Originally Published by MLive.
Michigan is No. 29 among the 50 states in a 2018 ranking of women and children’s health indicators, according to a new report by the United Health Foundation.
Michigan ranked 32nd in the foundation’s last report in 2016.
Among the findings for Michigan in the new report: Drug deaths increased 24% from 16.3 to 20.2 deaths per 100,000 Michigan females aged 15-44.
In 2016, Michigan had 430 deaths among women age 15 to 44 from drug overdoses and other poisonings, according to the federal Centers for Disease Control.
That compares to 356 deaths in 2014 and 236 deaths in 2006.
In 2016, the drug death rate for Michigan women age 35 to 44 was four times higher than the rate for women age 15 to 24.
Also, the rate is 50% higher among white females as compared to African-American women.
Below are some other highlights from the report.
Smoking during pregnancy has dropped 12%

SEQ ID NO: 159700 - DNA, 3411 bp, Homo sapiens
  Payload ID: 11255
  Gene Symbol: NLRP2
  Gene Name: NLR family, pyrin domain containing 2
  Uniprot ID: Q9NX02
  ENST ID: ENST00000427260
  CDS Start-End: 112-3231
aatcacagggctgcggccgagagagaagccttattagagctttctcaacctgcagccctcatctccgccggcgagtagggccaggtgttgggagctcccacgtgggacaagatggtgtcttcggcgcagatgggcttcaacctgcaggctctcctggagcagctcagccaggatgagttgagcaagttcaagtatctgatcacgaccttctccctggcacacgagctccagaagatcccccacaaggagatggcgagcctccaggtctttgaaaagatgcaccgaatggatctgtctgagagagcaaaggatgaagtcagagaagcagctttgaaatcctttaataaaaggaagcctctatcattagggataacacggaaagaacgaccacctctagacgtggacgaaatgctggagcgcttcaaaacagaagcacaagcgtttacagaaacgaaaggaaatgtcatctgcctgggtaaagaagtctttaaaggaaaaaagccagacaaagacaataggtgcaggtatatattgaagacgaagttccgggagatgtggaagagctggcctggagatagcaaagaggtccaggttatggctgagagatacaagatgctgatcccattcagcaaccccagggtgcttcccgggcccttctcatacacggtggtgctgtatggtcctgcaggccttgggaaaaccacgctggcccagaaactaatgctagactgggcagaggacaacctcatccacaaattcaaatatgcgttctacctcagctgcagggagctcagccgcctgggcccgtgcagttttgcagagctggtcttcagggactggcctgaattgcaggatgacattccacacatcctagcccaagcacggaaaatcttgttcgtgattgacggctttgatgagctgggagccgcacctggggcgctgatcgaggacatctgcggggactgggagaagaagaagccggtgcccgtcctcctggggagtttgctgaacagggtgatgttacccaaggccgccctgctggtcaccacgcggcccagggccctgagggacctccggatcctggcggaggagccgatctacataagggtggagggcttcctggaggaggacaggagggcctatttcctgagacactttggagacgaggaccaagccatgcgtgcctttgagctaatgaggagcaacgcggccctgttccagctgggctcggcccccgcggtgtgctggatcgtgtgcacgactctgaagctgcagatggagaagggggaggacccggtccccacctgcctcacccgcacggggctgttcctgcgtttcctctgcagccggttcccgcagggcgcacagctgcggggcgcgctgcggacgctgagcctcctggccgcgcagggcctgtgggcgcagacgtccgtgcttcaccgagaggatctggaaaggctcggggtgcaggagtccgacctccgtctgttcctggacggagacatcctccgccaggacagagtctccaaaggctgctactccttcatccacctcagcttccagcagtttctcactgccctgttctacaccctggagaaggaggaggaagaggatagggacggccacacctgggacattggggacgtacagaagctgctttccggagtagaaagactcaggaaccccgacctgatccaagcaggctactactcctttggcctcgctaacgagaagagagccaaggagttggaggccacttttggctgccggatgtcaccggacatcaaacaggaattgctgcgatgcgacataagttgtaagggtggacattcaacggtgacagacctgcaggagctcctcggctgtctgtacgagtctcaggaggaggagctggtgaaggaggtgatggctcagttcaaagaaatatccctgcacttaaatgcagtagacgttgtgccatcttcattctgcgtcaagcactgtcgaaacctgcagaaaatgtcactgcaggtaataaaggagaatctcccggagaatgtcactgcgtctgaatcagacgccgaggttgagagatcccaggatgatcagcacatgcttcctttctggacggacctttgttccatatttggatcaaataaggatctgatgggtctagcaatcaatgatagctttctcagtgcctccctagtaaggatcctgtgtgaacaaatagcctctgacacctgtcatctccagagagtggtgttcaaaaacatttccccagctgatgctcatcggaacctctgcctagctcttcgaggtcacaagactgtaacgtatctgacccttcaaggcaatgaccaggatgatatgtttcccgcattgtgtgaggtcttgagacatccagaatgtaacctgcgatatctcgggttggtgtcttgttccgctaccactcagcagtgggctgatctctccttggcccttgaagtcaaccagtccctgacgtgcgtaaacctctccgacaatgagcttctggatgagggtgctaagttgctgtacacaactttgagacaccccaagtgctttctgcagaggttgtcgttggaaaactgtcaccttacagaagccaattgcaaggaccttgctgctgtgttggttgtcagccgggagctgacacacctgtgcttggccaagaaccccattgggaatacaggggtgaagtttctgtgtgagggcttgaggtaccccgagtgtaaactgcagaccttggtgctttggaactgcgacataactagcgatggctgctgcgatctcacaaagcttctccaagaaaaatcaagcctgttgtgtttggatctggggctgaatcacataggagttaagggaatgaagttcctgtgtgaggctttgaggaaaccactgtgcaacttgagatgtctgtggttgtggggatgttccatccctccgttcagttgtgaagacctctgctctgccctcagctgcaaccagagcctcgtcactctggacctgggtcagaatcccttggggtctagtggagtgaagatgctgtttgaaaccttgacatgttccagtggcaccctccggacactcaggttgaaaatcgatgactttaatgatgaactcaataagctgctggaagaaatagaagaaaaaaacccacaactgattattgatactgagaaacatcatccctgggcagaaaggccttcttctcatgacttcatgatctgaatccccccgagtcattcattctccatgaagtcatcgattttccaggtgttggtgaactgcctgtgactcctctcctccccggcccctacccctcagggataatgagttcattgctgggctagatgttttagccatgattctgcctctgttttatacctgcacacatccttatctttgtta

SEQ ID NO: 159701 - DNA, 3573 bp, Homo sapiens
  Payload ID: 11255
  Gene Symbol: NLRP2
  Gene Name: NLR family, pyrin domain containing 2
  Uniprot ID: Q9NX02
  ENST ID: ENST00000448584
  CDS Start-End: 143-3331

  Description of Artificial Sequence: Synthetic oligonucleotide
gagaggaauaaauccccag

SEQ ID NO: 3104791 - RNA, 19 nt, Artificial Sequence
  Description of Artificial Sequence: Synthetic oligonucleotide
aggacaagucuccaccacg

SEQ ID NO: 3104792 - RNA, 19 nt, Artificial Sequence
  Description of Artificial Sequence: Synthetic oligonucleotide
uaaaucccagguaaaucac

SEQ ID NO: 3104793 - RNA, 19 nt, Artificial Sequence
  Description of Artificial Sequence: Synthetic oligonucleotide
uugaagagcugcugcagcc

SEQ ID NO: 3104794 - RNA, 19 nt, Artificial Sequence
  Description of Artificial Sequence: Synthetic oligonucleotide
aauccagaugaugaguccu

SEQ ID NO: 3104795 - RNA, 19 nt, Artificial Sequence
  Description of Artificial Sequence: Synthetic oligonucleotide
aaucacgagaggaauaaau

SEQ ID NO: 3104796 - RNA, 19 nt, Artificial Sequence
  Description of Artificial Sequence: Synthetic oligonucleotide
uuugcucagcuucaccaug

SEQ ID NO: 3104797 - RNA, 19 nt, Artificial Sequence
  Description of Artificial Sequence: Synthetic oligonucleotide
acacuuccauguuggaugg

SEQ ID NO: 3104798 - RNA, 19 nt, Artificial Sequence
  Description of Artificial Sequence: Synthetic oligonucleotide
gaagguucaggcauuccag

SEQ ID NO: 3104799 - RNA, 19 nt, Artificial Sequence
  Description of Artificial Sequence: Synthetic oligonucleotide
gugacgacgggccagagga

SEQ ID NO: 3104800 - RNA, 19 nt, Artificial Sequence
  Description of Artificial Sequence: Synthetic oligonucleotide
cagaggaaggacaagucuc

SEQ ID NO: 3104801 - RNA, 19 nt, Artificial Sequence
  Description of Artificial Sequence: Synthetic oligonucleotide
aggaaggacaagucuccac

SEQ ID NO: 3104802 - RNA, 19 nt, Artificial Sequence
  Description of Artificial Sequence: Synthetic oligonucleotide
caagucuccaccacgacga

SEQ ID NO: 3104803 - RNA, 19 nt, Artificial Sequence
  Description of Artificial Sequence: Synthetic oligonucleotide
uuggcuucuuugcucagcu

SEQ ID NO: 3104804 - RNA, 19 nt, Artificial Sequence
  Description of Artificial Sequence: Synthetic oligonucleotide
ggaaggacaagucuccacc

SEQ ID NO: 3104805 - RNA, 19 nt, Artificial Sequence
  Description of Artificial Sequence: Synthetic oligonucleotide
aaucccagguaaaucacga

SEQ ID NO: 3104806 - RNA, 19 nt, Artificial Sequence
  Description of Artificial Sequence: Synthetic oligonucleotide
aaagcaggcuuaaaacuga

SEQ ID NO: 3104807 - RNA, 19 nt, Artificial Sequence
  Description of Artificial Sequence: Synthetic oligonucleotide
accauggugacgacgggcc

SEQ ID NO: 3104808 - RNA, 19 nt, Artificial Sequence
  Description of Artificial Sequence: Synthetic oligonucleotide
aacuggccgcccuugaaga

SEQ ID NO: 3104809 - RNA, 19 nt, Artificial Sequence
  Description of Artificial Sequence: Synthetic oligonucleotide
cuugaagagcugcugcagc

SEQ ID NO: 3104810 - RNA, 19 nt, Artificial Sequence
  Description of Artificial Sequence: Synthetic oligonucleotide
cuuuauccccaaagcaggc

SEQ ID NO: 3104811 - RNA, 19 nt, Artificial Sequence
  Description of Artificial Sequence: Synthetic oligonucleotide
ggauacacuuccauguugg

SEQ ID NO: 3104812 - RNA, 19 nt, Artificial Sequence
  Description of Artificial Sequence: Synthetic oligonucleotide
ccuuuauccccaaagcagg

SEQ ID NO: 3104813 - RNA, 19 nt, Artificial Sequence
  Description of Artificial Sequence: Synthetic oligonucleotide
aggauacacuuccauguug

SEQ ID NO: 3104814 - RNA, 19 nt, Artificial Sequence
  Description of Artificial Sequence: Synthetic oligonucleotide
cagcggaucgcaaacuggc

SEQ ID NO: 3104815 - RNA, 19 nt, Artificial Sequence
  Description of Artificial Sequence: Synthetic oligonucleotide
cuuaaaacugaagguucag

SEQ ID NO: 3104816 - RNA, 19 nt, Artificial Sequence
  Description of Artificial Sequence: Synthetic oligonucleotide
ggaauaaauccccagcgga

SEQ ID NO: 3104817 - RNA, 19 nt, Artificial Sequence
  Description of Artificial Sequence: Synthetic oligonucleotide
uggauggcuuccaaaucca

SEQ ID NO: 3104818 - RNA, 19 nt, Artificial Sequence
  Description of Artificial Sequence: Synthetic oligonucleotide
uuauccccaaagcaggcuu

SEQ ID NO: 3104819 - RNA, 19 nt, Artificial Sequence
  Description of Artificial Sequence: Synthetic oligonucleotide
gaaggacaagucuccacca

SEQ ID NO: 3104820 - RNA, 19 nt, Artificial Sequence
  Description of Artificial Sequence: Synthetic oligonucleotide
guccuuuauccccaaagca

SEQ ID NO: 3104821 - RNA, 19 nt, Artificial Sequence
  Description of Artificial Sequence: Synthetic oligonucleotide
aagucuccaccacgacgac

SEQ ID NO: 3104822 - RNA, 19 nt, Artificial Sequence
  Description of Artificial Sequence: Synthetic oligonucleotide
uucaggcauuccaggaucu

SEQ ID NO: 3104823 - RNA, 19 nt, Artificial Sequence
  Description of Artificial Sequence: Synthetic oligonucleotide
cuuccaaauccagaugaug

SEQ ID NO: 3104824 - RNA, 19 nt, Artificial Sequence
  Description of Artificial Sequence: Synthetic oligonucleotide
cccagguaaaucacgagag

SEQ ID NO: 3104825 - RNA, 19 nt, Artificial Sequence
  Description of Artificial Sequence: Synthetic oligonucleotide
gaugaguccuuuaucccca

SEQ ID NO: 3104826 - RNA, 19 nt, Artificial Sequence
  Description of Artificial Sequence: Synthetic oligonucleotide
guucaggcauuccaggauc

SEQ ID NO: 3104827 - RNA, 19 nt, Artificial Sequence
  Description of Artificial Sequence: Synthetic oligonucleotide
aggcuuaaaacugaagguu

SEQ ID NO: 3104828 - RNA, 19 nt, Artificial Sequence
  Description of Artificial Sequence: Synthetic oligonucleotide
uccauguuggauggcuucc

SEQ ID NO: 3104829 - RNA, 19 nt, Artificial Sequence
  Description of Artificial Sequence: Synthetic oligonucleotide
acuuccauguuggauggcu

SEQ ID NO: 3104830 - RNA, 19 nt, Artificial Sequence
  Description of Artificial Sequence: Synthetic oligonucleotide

Since the United Health Foundation’s 2016 report, tobacco use during pregnancy decreased 8% from 13.3% to 12.3% of live births in Michigan.
In 2016, about 20% of Michigan who gave birth smoked during their pregnancy.
Smoking during pregnancy is estimated to account for 20 to 30% of low-birth weight babies, up to 14% of preterm deliveries, and about 10% of all infant deaths according to American Lung Association.
Breastfeeding is up
Since the United Health Foundation’s 2016 edition, the percentage of Michigan infants exclusively breastfed for six months increased 32% from 17.1% to 22.6%.
A 2016 report by the federal Centers for Disease Control found:
- Among infants born in 2013, 81% started out breastfeeding.
- 51.8% of infants were breastfeeding at 6 months.
- 30.7% of infants were breastfeeding at 12 months.